We found upon examination that there was little or no insurance on
school furniture, and immediately recommended to the Board the necessity
of placing $30,000.00 on school furniture in the several buildings throughout the city. This recommendation was adopted by the Board and acted
upon at once.
The burning of a school building in Ohio caused the Cify Council to
appoint a Committee for the purpose of investigating and inspecting all the
City schools as to their safety in case of fire.    A copy of this report was
forwardeM-to your Board and handed to this Committee.    The Committee
at the request of the Board took steps and appointed two reliable architects
to make a thorough report and to advise the Board as to the required improvements necessary to make the buildings as near fireproof as possible.
The architects were also instructed to prepare an estimate of the alterations necessary to carry out the above work.     The estimate submitted by
them for all the works in connection with fire protection purposes amounted
to $30,000.00.    As soon as the report was received from the architects,,
your Committee, not desiring to wait until a by-law could be submitted,
immediately took steps to have as many alterations made as possible with
the money at their disposal.    A number of doors were reported as opening
inward; this your Committee immmiately took steps to have altered, making all doors leading from the first floor and basement of all schools, to open
All pipes leading from the furnaces (where it was found necessary)
were thoroughly overhauled and protected, so that it would be impossible
for a fire to catch from any of these pipes.
The old Roberts School building seemed to be the most dangerous in 44
Board of School Trustees
case of fire, having only one stairway leading from the upper story. This
defect was remedied by the construction of two fire stairs, one on the south
and one on the north side of the school, leading from the class-rooms. As
soon as the pupils become accustomed to the use of these stairs, those in the
upper story will be able to get out of the building in case of lire as rapidly
as those from the ground floor.
In order to further protect the schools, it was deemed advisable and
necessary to have fire alarms placed at each school and connected with
the fire alarm system of the City. As this was a City matter, the Council
was written to, with a request that fire alarms be placed at each school.
Thus far we have failed to see that the City have had the work performed.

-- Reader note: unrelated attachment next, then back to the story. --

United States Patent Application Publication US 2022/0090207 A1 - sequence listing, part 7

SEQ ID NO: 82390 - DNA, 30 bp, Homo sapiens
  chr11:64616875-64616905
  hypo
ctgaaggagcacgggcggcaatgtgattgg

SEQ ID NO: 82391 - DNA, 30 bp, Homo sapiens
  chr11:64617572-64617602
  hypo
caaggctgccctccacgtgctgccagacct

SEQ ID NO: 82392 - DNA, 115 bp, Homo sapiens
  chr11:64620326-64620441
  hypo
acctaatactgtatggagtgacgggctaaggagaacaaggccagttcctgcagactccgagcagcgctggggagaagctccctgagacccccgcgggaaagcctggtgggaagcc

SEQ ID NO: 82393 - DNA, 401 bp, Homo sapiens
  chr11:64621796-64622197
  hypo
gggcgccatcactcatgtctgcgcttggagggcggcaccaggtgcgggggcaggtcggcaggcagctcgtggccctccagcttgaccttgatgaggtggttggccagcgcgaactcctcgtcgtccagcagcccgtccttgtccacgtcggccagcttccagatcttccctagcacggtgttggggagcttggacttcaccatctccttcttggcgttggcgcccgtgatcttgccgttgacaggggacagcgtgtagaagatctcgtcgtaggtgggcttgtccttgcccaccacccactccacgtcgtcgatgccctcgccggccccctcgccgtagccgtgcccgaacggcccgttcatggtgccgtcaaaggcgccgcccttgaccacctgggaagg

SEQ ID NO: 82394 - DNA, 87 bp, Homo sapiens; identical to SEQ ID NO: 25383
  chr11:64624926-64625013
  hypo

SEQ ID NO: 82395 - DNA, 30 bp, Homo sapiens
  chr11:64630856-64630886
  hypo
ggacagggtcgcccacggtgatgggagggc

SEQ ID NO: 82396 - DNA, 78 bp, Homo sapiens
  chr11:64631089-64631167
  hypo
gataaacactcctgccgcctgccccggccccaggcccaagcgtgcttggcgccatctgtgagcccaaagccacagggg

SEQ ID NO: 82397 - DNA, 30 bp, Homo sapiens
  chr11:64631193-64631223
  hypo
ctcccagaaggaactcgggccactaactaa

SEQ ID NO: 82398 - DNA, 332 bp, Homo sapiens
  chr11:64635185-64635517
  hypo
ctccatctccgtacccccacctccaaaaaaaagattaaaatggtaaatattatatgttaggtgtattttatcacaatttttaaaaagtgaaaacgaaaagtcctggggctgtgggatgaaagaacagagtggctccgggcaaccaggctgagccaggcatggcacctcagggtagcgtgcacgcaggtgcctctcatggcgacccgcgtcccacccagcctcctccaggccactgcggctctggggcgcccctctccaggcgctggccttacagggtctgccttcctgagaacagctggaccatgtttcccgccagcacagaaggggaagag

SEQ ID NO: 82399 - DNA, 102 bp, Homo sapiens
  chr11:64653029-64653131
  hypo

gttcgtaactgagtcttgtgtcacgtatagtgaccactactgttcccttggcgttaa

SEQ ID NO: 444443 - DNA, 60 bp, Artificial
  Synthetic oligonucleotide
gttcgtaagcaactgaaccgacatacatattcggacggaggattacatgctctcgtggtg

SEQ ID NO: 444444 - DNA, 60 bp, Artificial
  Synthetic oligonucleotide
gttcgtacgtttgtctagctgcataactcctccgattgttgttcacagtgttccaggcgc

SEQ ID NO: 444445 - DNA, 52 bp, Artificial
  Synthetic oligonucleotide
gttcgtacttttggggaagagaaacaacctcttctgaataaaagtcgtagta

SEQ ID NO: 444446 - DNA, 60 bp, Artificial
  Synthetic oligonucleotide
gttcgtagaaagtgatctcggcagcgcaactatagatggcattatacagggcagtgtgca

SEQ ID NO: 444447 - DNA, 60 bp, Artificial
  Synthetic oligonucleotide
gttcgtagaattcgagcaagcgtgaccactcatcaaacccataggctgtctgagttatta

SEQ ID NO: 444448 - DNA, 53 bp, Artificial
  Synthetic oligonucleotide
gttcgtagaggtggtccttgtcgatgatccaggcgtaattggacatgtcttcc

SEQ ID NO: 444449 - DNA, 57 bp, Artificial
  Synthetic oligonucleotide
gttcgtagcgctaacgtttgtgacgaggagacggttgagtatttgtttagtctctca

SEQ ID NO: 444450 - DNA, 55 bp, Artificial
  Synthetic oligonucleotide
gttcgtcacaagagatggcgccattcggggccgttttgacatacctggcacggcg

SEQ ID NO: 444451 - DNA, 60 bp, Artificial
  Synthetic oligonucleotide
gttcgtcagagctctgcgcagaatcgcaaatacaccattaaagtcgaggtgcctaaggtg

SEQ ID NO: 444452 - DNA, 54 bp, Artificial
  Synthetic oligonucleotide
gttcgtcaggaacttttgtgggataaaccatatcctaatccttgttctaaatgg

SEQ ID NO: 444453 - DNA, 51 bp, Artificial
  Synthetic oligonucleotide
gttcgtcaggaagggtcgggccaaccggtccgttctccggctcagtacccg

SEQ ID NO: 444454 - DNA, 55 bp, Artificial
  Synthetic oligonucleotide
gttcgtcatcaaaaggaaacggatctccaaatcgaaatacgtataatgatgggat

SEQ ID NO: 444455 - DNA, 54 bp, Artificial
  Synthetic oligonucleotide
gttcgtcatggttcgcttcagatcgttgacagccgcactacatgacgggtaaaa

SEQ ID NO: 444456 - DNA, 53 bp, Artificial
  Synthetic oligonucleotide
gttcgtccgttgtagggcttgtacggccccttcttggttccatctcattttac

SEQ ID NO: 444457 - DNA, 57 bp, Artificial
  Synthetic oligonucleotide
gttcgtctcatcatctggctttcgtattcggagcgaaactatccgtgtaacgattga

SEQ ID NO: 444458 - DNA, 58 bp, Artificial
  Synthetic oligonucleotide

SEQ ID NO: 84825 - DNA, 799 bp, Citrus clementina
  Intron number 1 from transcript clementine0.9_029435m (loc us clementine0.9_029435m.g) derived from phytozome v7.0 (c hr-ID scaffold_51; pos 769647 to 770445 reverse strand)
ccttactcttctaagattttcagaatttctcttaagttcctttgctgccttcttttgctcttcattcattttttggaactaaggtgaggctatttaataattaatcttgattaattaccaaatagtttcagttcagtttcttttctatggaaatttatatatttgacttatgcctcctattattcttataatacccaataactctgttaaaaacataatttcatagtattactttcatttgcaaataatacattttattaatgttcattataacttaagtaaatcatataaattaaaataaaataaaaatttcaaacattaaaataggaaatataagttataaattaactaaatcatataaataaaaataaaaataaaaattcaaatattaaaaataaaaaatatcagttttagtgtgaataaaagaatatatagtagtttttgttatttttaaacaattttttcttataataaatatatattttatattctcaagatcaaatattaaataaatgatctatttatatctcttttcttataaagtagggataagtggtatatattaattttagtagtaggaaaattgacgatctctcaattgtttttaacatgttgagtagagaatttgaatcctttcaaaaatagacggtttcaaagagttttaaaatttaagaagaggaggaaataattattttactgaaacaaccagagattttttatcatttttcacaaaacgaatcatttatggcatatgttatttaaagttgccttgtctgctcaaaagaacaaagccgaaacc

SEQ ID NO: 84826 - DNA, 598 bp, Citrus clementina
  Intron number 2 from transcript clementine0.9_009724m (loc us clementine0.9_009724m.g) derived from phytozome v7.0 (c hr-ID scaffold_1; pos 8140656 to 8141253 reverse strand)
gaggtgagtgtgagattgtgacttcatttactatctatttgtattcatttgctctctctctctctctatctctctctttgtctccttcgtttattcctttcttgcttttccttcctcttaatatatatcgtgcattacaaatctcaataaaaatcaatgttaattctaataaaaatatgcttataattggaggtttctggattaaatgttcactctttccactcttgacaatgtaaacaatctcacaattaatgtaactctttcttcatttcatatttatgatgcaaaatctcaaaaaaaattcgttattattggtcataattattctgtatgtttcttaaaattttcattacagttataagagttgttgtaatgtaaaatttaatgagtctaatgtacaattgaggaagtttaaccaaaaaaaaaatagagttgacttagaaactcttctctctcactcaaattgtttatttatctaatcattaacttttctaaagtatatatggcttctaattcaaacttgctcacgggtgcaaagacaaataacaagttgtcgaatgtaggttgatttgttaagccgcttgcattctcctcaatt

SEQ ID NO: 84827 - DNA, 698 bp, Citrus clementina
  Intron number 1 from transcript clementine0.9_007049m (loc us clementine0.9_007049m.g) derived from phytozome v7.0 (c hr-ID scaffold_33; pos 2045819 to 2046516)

The new schools at the Roberts and Seymour, which were begun last
year, were completed about Easter and opened for school purposes.
A block of land, purchased between Fifteenth and Sixteenth Avenues
for the sum of $18,000.00, was cleared and graded at a cost of $900.00.
Competitive plans were called for the following schools, viz.: Sixteenth Avenue, and additions to Grandview, Macdonald and Kitsilano.
After receiving the drawings for the above schools, the plans were carefully gone into and awarded as follows, viz.: Sixteenth Avenue School,
to A. C. Hope, Esq.; Kitsilano School, W. T. Dalton, Esq.; Macdonald
and Grandview Schols,  Messrs.  Mitton & Strain.
Tenders for the foundations for the additions to Kitsilano, Macdonald
and Grandview Schools were called for and were awarded as follows,
viz.: Kitsilano foundation, Messrs. Baynes & Horie, $713.00; Macdonald and Grandview Schools, Messrs. T. R. Nickson & Co., $2602.00
and $2709.00 respectively.
Tenders were advertised for and opened and the contracts awarded
as follows, viz.: Sixteenth Avenue and Kitsilano Schools, Messrs. Baynes
& Horie, $50,804.00 and $10,750.00 respectively; Grandview and Macdonald Schools, Messrs. T. R. Nickson & Co., $12,600.00 each.
The new Simon Fraser School on Sixteenth Avenue was awarded to
Mr. Campbell-Hope on May 12th, 1908, in open competition with seventeen sets of other schemes submitted. . The problem presumed to have been
solved was to build a school of sixteen class-rooms at once on Sixteenth
Avenue, but so arranged that in the future it would be possible to erect
a similar building in separate portions, four rooms at a time, in such a
manner as to meet the progressive requirements of a growing neighborhood
without interfering with the school curriculum.
The bulk contract was let on July 10th, with such minor modifications
suggested by our School Superintendent, which hardly altered the original
design to the casual observer.
On December 31st, in spite of inclement weather, the last slate was Board of School Trustees
spiked on the roof only one week behind the time anticipated by Messrs.
Baynes & Horie, the bulk contractors.
It is confidently expected that the last brush mark by Messrs. D. Grant
& Co., painters, will be made on March 31st, 1909.
This school house is so arranged that the class-rooms all open directly
out of a large two-story auditorium, or central assembly hall, from both
levels of which are four exits, making eight in total. In addition to the
fine wide dismissal stairs connecting the two levels of this assembly hall, is
a large double stairway to basement.
In the basement are Manual Training and Domestic Science classrooms, furnace room and covered playgrounds, with toilets for both sexes.
The building is constructed of a concrete and granite basement, walling
superimposed with Clayburn facing brick, having Ormura stone dressings
to the spout line, the roof being covered with local slates.
The hot air ventilation is arranged to change the air in the class-rooms
and auditorium on an average of eight times an hour and to maintain an
equal temperature of 70 degrees Fah. during the most severe winter
weather, thus saving the disorganization caused by having to close down the
school for want of warmth.